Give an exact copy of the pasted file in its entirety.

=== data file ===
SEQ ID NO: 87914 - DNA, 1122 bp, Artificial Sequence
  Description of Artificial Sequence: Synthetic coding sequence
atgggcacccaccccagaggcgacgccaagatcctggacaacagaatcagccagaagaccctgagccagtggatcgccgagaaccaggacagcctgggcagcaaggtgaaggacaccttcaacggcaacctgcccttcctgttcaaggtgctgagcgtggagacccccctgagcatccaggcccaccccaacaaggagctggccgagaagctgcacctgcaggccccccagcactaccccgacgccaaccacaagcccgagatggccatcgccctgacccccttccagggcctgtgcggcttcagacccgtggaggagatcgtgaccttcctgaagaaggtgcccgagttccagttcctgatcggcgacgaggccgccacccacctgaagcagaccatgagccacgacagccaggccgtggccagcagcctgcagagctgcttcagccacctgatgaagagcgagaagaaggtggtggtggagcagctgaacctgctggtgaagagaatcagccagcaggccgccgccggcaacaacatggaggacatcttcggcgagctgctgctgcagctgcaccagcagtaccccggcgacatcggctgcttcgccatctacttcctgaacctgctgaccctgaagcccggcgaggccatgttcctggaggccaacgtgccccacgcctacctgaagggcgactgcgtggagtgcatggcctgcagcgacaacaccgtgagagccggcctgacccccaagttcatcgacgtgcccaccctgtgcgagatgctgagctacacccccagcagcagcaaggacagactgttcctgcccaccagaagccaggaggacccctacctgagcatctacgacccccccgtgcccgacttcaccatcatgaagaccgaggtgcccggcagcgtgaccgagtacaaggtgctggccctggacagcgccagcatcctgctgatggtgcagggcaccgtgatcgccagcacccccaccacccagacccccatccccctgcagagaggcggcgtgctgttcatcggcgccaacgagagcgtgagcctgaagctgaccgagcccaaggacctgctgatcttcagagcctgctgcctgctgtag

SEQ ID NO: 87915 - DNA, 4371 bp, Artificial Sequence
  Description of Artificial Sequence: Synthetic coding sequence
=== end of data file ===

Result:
SEQ ID NO: 87914 - DNA, 1122 bp, Artificial Sequence
  Description of Artificial Sequence: Synthetic coding sequence
atgggcacccaccccagaggcgacgccaagatcctggacaacagaatcagccagaagaccctgagccagtggatcgccgagaaccaggacagcctgggcagcaaggtgaaggacaccttcaacggcaacctgcccttcctgttcaaggtgctgagcgtggagacccccctgagcatccaggcccaccccaacaaggagctggccgagaagctgcacctgcaggccccccagcactaccccgacgccaaccacaagcccgagatggccatcgccctgacccccttccagggcctgtgcggcttcagacccgtggaggagatcgtgaccttcctgaagaaggtgcccgagttccagttcctgatcggcgacgaggccgccacccacctgaagcagaccatgagccacgacagccaggccgtggccagcagcctgcagagctgcttcagccacctgatgaagagcgagaagaaggtggtggtggagcagctgaacctgctggtgaagagaatcagccagcaggccgccgccggcaacaacatggaggacatcttcggcgagctgctgctgcagctgcaccagcagtaccccggcgacatcggctgcttcgccatctacttcctgaacctgctgaccctgaagcccggcgaggccatgttcctggaggccaacgtgccccacgcctacctgaagggcgactgcgtggagtgcatggcctgcagcgacaacaccgtgagagccggcctgacccccaagttcatcgacgtgcccaccctgtgcgagatgctgagctacacccccagcagcagcaaggacagactgttcctgcccaccagaagccaggaggacccctacctgagcatctacgacccccccgtgcccgacttcaccatcatgaagaccgaggtgcccggcagcgtgaccgagtacaaggtgctggccctggacagcgccagcatcctgctgatggtgcagggcaccgtgatcgccagcacccccaccacccagacccccatccccctgcagagaggcggcgtgctgttcatcggcgccaacgagagcgtgagcctgaagctgaccgagcccaaggacctgctgatcttcagagcctgctgcctgctgtag

SEQ ID NO: 87915 - DNA, 4371 bp, Artificial Sequence
  Description of Artificial Sequence: Synthetic coding sequence